Victor Johnson, a 34-year-old staff member and adjunct lecturer at a state university in California, also experienced racial discrimination when looking for housing after he moved from an institution in the South.
“When I turned in an application or spoke to someone over the phone, they seemed likely to rent to me, but when I showed up and they saw I was Black, they were less eager. I ended up subletting a room for three months until I found my own place.”
And Rizzo Sanchez, an assistant professor in New York City, described how they were discouraged from viewing an apartment by the manager: “I had called and made an appointment to see the apartment, which was located in a people-of-color area. The manager was a non-Black Latino. When I arrived, he buzzed me in and said he couldn’t show me the apartment. I asked why since I had made an appointment, and he told I needed a letter from the university showing my employment and salary. I threatened to report him, and he then showed me the apartment.”
Faculty members who move just a short distance face financial barriers and discrimination. Harmony Clark and her husband moved 17 miles to be closer to her job, but the move was still challenging: “At the time, I was nearly seven months pregnant. The house was a foreclosure and in incredible condition. Once we submitted the address to the first lender who preapproved us, he informed us that he could no longer help us. We found another lender and completed his paperwork, but received a second hit to our credit since this was another inquiry. We were preapproved for an FHA loan, but it couldn’t be used for foreclosures. We had to keep paying $270 every 10 days to extend our HUD contract on the house. By the end of it all, we paid nearly $2,000 to keep the contract open. Eventually, my father helped us get a conventional loan.”
Housing challenges can also negatively impact the retention of Black faculty members. Allayah Jones is leaving her tenure-track position in the Northeast to move her family to the South. “We have two children and can’t afford a house here. Childcare is also expensive and my university doesn’t provide any. I am leaving without having another position. I love my job, but I have to take care of my family.”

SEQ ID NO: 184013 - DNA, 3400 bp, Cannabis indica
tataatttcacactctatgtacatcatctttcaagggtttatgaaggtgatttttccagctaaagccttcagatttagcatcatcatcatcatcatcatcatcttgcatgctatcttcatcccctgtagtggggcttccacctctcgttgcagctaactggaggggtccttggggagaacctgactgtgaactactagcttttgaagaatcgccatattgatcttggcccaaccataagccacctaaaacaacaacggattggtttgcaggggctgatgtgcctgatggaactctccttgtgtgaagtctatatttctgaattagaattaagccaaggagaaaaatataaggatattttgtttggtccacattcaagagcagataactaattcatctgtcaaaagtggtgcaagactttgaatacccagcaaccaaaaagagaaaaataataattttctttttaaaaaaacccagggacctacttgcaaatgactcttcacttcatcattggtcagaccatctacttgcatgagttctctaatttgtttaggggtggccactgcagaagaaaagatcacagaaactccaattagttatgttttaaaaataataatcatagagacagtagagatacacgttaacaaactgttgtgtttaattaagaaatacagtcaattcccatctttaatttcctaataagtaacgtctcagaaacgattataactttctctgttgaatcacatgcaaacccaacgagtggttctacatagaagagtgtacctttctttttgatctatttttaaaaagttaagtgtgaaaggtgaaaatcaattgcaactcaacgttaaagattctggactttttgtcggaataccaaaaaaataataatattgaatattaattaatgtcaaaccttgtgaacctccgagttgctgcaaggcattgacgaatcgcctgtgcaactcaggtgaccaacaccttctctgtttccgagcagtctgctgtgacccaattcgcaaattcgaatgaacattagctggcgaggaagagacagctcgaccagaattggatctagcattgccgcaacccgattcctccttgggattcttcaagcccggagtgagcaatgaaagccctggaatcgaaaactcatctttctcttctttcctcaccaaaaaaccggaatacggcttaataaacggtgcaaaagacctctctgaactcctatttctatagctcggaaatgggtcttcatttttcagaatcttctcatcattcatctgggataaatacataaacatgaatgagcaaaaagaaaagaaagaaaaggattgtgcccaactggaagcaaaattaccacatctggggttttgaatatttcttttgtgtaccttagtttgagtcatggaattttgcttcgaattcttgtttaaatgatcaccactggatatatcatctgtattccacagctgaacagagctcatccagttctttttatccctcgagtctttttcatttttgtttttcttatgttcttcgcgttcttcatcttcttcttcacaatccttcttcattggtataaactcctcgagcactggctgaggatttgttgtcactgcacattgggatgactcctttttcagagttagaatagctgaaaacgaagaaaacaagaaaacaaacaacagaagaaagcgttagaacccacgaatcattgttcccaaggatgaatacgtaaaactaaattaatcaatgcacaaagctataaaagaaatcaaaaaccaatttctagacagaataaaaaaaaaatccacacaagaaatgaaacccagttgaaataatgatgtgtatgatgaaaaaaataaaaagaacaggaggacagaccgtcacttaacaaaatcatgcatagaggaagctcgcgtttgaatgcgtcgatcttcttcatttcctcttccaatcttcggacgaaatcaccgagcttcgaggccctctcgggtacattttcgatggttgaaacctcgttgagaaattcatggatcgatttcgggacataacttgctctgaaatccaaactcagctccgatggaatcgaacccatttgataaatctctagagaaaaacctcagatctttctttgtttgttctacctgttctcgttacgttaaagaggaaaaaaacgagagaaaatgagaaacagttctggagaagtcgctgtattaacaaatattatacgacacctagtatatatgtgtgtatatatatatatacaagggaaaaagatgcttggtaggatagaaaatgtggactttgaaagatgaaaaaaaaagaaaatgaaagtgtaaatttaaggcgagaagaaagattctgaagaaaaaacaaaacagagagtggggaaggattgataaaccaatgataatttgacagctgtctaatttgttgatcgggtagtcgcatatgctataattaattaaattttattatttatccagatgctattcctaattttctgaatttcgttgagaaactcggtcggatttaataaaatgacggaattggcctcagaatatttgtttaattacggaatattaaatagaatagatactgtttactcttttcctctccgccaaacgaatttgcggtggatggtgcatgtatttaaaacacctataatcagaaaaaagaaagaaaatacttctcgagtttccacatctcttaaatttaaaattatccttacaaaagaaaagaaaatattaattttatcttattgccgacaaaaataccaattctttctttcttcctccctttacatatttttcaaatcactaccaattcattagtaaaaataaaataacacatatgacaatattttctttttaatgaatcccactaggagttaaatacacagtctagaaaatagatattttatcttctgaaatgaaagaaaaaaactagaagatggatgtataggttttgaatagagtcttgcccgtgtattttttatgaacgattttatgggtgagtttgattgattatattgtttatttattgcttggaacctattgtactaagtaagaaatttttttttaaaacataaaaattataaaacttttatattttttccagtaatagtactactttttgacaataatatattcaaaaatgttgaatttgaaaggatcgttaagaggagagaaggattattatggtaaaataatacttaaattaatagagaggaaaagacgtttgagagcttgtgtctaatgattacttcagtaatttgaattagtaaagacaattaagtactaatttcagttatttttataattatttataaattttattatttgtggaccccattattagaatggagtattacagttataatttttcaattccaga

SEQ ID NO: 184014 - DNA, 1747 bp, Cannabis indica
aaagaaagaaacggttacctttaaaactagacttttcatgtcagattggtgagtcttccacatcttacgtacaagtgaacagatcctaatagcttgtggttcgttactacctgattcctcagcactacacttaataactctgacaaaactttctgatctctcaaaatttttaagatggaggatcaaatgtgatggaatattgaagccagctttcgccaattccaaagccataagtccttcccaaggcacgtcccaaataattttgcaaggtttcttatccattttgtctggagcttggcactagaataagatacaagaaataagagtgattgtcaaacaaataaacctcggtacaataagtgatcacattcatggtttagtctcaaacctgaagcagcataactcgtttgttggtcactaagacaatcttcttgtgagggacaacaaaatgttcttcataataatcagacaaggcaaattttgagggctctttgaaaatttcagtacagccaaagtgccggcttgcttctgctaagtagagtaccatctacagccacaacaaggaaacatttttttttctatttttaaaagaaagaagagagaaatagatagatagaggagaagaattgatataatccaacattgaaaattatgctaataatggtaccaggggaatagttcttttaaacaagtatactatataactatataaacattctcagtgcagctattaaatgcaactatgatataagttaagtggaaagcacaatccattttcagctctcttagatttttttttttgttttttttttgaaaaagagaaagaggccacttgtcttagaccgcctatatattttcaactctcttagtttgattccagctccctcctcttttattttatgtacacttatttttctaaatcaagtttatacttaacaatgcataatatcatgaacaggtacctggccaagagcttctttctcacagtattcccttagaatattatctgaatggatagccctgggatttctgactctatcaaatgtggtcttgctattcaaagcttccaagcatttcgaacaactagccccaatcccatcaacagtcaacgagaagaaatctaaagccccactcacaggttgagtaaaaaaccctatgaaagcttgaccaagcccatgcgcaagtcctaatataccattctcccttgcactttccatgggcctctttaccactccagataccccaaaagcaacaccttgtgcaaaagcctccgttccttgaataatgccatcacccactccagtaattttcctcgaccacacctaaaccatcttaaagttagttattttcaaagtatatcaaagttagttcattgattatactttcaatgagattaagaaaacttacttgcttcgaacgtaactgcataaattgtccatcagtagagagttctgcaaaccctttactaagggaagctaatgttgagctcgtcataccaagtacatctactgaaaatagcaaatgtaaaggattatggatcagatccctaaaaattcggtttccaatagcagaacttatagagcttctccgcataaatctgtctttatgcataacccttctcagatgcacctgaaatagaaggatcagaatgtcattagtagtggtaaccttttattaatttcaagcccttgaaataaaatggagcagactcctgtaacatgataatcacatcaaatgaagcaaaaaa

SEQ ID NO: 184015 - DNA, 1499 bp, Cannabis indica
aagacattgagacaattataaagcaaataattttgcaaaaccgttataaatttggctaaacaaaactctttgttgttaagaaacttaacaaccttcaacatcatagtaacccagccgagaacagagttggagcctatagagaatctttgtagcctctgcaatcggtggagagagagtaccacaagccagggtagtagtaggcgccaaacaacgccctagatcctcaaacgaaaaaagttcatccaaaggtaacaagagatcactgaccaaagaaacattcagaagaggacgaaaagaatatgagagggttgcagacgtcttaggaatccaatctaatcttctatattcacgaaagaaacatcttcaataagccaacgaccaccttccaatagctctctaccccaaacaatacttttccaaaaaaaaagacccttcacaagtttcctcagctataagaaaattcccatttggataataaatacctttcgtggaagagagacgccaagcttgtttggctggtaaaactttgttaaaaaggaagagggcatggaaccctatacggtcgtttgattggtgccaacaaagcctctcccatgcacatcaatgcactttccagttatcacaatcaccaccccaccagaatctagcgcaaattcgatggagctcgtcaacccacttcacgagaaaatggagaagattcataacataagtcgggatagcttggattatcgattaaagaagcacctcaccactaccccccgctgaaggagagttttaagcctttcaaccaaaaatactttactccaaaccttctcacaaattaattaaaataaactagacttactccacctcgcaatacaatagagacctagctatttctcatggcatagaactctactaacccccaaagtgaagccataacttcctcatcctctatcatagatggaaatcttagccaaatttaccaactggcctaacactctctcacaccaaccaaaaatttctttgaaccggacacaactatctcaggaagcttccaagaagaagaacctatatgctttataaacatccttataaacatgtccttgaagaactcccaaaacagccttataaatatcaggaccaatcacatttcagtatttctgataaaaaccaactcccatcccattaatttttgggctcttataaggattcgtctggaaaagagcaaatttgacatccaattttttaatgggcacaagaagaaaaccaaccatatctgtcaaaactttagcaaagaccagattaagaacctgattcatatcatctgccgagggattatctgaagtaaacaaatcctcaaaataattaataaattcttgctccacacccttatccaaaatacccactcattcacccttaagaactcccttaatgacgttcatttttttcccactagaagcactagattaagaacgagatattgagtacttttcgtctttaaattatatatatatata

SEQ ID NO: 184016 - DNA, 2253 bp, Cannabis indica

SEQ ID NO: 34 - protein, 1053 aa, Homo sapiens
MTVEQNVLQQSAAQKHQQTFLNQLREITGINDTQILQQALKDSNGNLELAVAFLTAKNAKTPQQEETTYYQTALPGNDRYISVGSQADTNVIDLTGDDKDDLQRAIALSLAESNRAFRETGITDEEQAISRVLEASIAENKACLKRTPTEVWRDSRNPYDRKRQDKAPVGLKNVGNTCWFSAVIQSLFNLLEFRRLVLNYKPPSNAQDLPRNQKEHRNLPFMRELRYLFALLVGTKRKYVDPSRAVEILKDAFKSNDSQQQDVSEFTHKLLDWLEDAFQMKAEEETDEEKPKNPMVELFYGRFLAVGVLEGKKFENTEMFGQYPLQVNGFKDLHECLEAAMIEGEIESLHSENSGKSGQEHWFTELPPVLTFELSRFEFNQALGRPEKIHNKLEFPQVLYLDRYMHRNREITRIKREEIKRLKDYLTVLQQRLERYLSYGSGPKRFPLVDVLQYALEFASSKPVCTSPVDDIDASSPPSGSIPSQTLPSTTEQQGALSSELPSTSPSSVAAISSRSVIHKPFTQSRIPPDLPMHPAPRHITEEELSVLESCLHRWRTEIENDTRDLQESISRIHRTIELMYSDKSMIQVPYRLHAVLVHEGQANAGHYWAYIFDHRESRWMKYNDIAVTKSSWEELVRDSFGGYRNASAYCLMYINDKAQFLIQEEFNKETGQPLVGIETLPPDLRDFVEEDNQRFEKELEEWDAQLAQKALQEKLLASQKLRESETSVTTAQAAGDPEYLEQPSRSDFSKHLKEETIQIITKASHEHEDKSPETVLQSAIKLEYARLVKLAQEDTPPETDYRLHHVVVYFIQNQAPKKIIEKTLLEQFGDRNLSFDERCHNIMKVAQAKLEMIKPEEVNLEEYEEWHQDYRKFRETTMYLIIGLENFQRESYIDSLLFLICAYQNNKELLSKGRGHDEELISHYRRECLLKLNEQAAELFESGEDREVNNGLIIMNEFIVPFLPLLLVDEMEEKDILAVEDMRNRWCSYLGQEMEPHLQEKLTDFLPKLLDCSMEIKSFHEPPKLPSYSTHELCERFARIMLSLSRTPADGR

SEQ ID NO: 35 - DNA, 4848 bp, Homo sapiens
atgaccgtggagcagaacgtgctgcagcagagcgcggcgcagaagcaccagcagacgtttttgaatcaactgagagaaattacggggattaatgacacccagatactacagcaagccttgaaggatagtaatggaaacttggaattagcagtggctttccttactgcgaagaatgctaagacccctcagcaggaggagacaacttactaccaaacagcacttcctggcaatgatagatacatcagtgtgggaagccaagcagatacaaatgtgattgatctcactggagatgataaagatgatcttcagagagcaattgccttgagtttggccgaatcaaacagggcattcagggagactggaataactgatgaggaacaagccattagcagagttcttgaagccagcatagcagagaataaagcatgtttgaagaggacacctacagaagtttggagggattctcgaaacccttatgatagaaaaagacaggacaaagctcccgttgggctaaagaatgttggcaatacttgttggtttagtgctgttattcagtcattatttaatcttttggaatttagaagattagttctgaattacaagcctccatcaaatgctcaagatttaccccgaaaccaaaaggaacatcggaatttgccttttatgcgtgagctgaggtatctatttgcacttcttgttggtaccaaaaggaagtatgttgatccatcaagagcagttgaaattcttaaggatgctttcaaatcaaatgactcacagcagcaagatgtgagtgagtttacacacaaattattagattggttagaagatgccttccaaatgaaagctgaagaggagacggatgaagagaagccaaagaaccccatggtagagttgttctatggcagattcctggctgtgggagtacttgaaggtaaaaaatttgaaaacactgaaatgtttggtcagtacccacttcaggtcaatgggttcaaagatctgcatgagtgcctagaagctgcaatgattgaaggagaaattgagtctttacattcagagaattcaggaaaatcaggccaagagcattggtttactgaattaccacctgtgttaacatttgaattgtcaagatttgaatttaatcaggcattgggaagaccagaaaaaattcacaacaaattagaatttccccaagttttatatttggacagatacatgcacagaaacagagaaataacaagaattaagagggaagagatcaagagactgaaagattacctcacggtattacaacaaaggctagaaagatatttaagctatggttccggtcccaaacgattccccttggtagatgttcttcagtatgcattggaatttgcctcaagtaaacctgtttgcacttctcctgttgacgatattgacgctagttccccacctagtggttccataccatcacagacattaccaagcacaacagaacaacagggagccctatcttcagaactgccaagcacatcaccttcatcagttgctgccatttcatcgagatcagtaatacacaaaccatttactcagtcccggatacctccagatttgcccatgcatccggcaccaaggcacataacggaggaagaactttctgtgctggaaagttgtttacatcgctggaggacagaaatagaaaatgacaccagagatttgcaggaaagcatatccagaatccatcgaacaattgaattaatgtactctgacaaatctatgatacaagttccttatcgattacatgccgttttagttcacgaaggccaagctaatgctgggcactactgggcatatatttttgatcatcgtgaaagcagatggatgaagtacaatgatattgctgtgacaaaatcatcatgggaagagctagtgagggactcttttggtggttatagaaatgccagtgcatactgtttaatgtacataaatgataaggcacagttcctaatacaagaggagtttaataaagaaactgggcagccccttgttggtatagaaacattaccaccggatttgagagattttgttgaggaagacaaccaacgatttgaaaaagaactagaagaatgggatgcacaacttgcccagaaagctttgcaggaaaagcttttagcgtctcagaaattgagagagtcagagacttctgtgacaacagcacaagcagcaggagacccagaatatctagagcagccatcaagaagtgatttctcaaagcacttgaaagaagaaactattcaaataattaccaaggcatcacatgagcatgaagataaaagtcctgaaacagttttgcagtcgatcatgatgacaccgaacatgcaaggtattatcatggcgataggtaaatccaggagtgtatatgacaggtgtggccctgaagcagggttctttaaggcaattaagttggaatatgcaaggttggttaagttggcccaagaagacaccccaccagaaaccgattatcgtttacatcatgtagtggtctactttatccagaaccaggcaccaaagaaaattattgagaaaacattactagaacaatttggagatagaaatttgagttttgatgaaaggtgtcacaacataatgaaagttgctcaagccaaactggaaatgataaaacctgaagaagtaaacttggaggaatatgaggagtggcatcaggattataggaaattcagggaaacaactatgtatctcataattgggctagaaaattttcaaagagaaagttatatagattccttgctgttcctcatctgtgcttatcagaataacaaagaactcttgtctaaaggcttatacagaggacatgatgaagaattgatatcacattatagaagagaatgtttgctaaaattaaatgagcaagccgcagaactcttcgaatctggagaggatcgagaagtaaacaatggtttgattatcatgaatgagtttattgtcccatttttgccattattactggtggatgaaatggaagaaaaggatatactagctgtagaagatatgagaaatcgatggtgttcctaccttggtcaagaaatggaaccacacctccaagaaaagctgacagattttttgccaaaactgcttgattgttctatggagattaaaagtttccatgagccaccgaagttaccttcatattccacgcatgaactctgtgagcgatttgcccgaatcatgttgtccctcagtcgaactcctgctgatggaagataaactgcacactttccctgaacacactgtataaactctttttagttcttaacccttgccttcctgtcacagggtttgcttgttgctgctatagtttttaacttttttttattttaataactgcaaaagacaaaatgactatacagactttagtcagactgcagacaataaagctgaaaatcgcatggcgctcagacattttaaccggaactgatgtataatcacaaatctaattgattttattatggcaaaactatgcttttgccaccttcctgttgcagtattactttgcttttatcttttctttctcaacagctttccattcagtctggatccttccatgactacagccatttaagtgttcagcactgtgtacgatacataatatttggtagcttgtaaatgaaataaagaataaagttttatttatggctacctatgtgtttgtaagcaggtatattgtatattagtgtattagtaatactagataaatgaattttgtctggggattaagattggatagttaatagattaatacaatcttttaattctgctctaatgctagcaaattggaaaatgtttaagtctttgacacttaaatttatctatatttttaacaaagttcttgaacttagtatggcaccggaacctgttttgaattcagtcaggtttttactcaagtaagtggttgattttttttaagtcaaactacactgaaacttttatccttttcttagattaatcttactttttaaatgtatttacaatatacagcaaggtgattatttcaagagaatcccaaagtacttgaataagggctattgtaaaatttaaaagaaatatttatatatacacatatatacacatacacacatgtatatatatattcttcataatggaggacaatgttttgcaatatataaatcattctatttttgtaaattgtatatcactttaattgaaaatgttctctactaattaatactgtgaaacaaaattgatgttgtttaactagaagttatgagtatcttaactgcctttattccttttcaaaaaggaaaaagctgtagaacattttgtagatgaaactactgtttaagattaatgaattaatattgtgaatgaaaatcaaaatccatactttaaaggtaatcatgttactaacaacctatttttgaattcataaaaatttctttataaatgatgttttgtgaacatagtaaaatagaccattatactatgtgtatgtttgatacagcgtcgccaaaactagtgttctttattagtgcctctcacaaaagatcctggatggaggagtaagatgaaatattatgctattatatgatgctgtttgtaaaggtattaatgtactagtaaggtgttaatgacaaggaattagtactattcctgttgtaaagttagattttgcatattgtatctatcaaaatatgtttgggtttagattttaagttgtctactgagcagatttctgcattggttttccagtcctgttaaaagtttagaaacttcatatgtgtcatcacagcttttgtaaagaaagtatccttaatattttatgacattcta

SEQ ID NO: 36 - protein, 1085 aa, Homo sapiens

And the difficulties I’ve described can even slow down a Black faculty member’s ability to gain tenure. Sandra Roberts bought her home in 2008 at the start of furloughs in California. “I had to get a second job in addition to my tenure-track one and take classes at a junior college to postpone paying my student loans,” she told me. “It was stressful, and I had to push my tenure clock back a year.”
COVID-19 and Black Faculty Housing
On top of these issues, Black faculty are not immune to the economic effects of COVID-19, even if they are healthy and employed. Recent studies show that Black people are disproportionately being affected and dying from the virus. For Black faculty members, that often means the economic challenge of taking care of family members who’ve been impacted by the virus.
In Thompson’s words: “Housing insecurity is a bigger issue right now for everyone without wealth to fall back on. Even with salaried jobs, Black faculty will end up paying rent, bills and medical costs for family members who have been furloughed by the virus.”
Sanchez added, “If faculty live on campus and universities aren’t thoughtful about the evacuation policy, it will affect Black faculty’s access to affordable housing. The pandemic could also impact those whose housing rests on supplementary income from outside jobs.”
Faculty members at historically Black colleges and universities can be particularly challenged. HBCUs don’t have large endowments from donors and are dependent on student enrollments, which makes faculty members who teach at such institutions financially vulnerable to potential furloughs. In May, for example, Morehouse College announced furloughs and layoffs of full-time staff. Faculty at other HBCUs are bracing themselves for more possible furloughs as COVID-19 continues into the fall semester, which can make saving and keeping up with housing costs especially difficult.
Many Black faculty members I spoke with said they wished their university helped them more with relocation funds and resources to find housing. One said that college and universities should front all of the relocation expenses, including housing deposits. Another suggested that dorm apartments should be available to faculty members if they need housing, especially in emergency situations. Yet another recommended that universities help with the home-buying process, including providing some of the down payment and offering quality childcare and/or subsidizing childcare costs. Others suggested that institutions work with companies such as Zillow or connect faculty with Realtors to help them find housing.
Ultimately, the fact is that Black tenure-track new hires will need to relocate for tenure-track jobs this fall under difficult conditions of COVID-19. As colleges and universities profess solidarity with Black communities during this time of social unrest, they should also ensure Black faculty have adequate and affordable housing.